Quadruped leg swings are good to perform either at the beginning of the workout for glute activation purposes or at the end of the workout for extra time under tension and metabolic stress. I’m able to get a huge burn in my glutes with these, but just like every other glute exercise, not everyone feels them primarily in the glutes. Make sure you’re moving mostly at the hips and not so much in the lumbopelvic region (I explain this in the video). Some people benefit from squeezing the abs (bracing the core) and glutes at the top of the movement, but this isn’t necessary for everyone. There are many ways to do quadruped leg swings, including:
- Alternating between hip transverse abduction, combined hip abduction/extension, and hip extension
- First hip transverse abduction, then combined hip abduction/extension, then hip extension
- Alternating between hip transverse abduction and hip extension
- First hip transverse abduction, then hip extension
- Using ankle weights
- Using elastic bands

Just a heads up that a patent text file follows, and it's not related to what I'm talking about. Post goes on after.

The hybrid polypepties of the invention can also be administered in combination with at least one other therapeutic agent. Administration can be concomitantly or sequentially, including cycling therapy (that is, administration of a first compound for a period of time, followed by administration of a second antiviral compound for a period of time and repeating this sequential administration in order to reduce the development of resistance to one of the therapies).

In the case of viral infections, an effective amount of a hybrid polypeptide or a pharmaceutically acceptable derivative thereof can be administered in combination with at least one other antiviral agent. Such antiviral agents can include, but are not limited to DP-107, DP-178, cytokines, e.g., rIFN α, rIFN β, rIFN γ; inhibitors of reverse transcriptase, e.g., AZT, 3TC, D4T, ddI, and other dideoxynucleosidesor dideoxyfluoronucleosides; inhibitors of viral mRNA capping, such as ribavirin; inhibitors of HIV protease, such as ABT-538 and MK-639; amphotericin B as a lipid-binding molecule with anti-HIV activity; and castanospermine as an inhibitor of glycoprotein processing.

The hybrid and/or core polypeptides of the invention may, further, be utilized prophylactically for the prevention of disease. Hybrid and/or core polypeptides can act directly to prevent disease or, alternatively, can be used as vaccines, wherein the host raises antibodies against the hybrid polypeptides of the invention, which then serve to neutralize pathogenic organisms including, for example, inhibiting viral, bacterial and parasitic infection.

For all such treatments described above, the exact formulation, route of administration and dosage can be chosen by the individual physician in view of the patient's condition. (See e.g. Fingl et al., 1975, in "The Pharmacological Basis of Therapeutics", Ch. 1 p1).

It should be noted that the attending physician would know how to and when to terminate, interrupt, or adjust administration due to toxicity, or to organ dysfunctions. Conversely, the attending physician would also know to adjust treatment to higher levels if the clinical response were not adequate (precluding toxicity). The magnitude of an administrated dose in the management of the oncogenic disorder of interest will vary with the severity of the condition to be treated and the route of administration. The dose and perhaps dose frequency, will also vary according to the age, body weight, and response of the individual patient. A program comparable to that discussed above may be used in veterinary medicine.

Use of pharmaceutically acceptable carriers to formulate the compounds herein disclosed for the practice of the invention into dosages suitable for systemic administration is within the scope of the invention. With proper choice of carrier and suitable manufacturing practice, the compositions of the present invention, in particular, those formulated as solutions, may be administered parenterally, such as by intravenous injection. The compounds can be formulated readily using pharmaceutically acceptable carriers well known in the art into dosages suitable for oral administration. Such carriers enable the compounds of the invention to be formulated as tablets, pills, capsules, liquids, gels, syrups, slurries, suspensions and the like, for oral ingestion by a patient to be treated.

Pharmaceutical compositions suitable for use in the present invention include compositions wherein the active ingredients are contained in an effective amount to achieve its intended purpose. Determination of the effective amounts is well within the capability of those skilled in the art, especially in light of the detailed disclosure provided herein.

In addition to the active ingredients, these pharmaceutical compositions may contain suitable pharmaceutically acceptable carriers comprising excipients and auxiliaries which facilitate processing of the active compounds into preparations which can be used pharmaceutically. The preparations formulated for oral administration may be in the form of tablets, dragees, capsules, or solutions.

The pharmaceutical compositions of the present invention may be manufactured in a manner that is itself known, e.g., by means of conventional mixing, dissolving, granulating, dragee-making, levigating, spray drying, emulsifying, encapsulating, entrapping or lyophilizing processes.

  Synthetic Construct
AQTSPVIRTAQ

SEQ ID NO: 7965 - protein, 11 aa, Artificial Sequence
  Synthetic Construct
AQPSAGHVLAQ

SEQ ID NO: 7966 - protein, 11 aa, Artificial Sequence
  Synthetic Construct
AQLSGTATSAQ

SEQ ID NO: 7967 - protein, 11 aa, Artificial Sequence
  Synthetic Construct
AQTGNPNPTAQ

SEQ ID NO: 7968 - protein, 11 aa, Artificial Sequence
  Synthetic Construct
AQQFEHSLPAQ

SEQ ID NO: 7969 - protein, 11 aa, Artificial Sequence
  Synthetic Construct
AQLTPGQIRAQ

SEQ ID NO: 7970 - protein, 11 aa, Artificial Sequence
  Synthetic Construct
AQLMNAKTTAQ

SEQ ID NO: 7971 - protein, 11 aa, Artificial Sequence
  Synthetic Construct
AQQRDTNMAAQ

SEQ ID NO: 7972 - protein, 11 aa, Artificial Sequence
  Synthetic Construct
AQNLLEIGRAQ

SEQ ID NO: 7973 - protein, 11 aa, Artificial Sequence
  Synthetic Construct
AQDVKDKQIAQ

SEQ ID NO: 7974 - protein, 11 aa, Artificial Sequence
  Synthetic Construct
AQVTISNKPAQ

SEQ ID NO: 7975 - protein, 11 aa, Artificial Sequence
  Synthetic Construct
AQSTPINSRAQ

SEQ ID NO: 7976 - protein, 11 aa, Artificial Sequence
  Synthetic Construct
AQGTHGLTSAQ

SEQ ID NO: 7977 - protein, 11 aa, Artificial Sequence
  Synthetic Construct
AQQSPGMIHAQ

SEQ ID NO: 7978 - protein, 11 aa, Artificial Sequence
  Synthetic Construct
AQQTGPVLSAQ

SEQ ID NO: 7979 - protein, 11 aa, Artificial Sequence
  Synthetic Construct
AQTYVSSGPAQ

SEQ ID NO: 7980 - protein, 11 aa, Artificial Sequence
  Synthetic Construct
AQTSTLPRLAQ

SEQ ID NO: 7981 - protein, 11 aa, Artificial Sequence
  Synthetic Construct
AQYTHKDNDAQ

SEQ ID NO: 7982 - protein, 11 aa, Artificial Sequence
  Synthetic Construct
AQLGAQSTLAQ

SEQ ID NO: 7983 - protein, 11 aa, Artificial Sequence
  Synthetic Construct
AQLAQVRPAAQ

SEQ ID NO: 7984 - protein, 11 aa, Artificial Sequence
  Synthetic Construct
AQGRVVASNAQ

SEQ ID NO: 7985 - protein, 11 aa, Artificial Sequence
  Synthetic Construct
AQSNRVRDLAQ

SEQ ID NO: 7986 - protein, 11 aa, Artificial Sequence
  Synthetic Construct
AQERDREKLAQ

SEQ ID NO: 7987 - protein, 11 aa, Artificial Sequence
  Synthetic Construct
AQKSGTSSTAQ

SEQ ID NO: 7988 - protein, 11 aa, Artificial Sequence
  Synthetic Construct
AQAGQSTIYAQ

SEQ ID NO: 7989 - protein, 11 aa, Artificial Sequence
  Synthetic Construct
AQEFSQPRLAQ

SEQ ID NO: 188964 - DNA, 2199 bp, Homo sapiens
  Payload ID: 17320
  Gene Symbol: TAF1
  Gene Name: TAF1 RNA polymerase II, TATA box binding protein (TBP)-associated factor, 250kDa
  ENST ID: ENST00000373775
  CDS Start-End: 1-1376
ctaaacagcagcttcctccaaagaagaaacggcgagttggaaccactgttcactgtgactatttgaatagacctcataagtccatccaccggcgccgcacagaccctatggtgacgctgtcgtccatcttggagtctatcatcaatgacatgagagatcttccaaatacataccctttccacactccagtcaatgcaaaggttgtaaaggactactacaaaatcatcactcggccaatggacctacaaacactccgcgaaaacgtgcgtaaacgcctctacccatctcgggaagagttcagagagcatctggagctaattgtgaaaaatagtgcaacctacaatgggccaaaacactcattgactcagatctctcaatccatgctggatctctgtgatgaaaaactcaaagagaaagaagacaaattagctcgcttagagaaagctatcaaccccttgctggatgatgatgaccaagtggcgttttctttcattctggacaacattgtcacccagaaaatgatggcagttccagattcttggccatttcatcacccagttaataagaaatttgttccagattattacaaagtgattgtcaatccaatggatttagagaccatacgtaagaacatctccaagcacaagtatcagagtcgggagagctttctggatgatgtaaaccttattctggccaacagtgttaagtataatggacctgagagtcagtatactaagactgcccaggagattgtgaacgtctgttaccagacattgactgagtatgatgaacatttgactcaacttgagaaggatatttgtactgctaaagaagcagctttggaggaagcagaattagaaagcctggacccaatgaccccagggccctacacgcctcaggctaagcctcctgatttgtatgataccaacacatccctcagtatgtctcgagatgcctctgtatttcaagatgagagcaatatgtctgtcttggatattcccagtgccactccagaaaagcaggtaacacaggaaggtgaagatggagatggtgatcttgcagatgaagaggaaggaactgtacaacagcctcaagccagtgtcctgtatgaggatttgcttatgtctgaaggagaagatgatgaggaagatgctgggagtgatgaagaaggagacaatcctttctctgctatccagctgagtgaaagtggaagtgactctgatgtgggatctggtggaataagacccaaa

- Using a cable column
Make sure that if you add extra resistance in the form of ankle weights or bands, you feel it more in the glutes. The purpose of additional resistance is to increase the load on the glutes, but if you go too heavy, you don’t achieve this goal and you end up feeling it more in the hamstrings and erector spinae. Bodyweight is sufficient for many lifters. If ankle weights overly challenge the ability of your hamstrings to stabilize the knee joint, then you’re not yet ready for extra loading. When using bands, you want an upward vector so that there is tension pulling down on the hip, thus requiring end range hip extension torque. So make sure the bands (or cables) are positioned low in relation to the torso. Beginners need to master slow tempos before performing rapid tempos.
Toy around with these and figure out what works your glutes the best. Some do best with rapid dynamic movements, some do best pausing at the top of each rep, some feel the glutes more during hip transverse abduction when they internally rotate their hip, and some can move into hip hyperextension without irritating the low back whereas others need to stop a bit short. Hat tip to frequent guest contributor Derrick Blanton for reminding me about this surprisingly effective exercise.